I won’t reveal more of the plot here. Even if it is exciting and well constructed, there are other aspects of the novel that are even more exciting. Above all, I’m referring to Kallentoft’s use of language. It is far removed from the journalistic reporter style that so dominates the genre today. Kallentoft commands a broad register, from high-octane exciting prose to lyrical meditative prose, from brisk dialogue to sophisticated inner monologue. Language is really put to good use in this novel.

     Another strength is the depictions of characters and environments. Even though some of the cast of characters could easily serve as stereotypes for white trash families or divorced cops with drinking problems, Kallentoft still treats all the figures in his novel with sensitivity and inquisitive respect.

Nature also plays an important part of the story, and not just as a backdrop or a setting, but as a landscape generating symbolism and saturated with significance, filled with signs waiting to be interpreted. 

It sounds hardly original that the theme of the book is evil. But the author manages to extract, if not something new, then at least something highly absorbing and poignant with his study of man’s darker side.
  With Midvinterblod (Midwinter Sacrifice), Mons Kallentoft takes a firm grasp on the classical Swedish police genre. Its 430 pages can be directly traced back to Sjöwall/Wahlöö and those who came after them. It has everything that we’ve come to expect from a Swedish police story. Focus is on the hardworking police force. A gruesome murder is to be solved, and slowly but surely the pieces fall into place.
     Mons Kallentoft is a reliable author. He observes with a reliable eye and writes with a reliable hand. Midvinterblod (Midwinter Sacrifice) is a sturdily built novel. (...) If Malin Fors is one of the book’s main characters, the city of Linköping is the other, at least for those of us who wander in the shadow of the cathedral on a daily basis. We are presented with a city caught in frozen grasp of winter and Mons Kallentoft’s descriptions are right on the money...(..)”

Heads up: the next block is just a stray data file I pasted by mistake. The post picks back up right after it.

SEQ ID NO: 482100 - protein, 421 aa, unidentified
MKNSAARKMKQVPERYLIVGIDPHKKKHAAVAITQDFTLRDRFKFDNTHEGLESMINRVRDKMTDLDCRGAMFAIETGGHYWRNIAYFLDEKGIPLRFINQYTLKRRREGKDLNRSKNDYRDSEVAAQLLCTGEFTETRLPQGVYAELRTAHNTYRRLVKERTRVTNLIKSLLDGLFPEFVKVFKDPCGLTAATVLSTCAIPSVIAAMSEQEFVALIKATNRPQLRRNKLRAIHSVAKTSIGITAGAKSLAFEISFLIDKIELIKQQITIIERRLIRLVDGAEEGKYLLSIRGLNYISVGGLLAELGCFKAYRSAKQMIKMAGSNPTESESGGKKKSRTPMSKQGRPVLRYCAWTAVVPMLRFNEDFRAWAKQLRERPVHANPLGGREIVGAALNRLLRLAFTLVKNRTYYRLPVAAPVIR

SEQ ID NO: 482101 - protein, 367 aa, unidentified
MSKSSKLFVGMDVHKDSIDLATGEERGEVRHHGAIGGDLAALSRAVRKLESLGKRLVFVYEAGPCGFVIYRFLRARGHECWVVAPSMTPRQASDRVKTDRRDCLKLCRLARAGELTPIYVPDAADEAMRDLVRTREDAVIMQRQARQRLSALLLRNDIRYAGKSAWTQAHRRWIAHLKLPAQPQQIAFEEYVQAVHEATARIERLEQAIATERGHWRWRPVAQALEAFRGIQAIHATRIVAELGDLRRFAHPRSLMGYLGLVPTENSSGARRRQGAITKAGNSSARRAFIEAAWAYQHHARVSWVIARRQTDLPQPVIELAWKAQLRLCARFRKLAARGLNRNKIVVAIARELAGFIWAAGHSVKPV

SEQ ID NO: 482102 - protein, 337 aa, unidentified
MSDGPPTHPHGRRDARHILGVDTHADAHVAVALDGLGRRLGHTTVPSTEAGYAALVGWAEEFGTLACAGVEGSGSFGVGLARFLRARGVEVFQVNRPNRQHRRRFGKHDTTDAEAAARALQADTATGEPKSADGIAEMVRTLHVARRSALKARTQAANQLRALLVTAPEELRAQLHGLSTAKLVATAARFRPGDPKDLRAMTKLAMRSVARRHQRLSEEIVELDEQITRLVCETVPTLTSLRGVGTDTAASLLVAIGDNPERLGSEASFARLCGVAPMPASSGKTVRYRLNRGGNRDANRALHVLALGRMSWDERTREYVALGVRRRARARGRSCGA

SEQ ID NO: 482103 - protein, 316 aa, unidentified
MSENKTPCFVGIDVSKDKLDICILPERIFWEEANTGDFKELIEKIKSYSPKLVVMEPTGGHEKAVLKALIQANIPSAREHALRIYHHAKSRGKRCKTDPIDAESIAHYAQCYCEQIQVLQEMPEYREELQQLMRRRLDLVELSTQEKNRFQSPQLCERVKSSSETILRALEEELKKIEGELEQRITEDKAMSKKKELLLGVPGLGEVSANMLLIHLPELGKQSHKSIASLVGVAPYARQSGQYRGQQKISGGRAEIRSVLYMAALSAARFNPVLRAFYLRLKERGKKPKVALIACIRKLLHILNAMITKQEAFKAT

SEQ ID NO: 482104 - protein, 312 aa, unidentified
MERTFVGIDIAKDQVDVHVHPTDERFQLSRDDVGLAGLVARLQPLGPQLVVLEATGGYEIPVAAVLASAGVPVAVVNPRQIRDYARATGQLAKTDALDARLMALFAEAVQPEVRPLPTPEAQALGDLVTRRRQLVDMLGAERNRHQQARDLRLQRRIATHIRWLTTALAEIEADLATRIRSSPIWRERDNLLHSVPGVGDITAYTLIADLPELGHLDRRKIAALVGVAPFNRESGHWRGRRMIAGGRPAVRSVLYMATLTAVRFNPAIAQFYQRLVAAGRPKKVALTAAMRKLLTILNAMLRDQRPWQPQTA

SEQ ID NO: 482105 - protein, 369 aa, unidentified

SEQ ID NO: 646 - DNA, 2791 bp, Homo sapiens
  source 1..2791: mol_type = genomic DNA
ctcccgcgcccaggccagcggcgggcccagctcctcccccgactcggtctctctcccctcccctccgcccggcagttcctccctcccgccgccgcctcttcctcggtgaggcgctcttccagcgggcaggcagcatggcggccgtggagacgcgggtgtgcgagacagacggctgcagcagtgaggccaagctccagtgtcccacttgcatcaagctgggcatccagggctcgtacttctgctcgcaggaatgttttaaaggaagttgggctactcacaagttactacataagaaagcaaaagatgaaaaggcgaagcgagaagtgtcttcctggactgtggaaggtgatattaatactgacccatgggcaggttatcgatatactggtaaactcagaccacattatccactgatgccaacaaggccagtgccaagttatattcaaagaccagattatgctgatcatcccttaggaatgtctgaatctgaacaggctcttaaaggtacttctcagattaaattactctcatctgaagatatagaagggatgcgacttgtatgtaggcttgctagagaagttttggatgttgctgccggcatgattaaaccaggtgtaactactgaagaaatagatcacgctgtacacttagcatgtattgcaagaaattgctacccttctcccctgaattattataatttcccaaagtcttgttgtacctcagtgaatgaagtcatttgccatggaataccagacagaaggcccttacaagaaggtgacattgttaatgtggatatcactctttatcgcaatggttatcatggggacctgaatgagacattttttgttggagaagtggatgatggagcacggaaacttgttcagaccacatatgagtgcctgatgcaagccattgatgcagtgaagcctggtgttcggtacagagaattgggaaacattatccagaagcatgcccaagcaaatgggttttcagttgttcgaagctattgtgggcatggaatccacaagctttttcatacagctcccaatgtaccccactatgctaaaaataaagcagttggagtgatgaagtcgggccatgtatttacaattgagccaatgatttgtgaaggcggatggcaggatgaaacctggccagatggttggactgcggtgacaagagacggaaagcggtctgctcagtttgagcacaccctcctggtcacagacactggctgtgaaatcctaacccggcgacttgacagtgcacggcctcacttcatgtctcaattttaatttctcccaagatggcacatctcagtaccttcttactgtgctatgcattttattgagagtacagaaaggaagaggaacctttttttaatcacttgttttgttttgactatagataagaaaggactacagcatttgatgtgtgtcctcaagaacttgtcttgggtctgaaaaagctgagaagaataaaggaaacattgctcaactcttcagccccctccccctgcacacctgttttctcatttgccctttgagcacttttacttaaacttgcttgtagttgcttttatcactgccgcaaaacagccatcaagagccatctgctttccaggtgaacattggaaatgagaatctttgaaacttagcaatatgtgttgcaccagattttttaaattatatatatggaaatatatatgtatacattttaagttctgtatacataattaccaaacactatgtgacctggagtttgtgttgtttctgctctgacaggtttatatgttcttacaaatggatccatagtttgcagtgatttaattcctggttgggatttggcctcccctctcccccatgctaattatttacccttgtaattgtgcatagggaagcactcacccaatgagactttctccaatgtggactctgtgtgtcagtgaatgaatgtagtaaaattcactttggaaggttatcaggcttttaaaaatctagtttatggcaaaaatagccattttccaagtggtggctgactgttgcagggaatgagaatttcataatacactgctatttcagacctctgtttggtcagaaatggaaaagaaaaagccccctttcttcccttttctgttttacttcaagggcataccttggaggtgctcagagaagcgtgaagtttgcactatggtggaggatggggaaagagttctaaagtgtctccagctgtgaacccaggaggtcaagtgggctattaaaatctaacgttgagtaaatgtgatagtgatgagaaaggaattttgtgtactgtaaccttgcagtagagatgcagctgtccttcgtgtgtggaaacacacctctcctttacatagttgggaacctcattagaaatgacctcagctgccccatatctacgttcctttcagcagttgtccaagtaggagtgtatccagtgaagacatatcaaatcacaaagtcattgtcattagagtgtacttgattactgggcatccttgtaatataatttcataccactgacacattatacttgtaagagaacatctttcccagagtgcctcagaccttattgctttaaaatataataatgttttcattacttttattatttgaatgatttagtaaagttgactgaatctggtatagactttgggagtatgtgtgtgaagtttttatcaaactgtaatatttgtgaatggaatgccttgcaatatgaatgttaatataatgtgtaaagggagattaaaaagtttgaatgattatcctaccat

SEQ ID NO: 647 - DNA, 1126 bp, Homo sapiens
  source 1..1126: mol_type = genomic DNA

"The mystery genre moves in the highly charged situation between total control and unimaginable madness, between the crime and the punishment. This can be seen in both the plot and the language: there are those who control reality by objectively registering practical matters rather than inconceivable feelings, as if a detailed description of a cheese sandwich can conjure up the frightening reality of fumes that originate from a corpse. A fear of death? Sure, but now let’s concentrate solely on who killed this person, not on our own mortality. If. We. Only. Concentrate. On. One. Thing. At. A. Time. Then. We. Will. Be. Able. To. Deal. With. Reality. In Midvinterblod (Midwinter Sacrifice) Mons Kallentoft allows deliberate descriptions wobble, so that out of the corner of an eye you can sense other contexts, nastier truths. An incidental, resigned reply gives the awareness that what is being described may not be exactly everything that could be said. It is skilful and not just a little disquieting, a feeling of uneasiness slowly but steadily oozes through the pages. (...). But Mons Kallentoft dances an elegant dance of death on the verge of ruin that the mystery has become, allows weariness become part of the resignation of the main character, Malin Fors. The action takes place in Linköping, a town surrounded by snow-covered plains that could have come from the Coen Brothers movie, Fargo, although with different overtones. (...). But the originality does not need to be based on the choice of subject matter, the cast of characters or the plot. Instead, Kallentoft shifts the perspective ever so slightly, to a different language, a different mood. Only just enough so that one feels lost. It’s a new territory, that Linköping where Malin Fors lives.' Lotta Olsson, Dagens Nyheter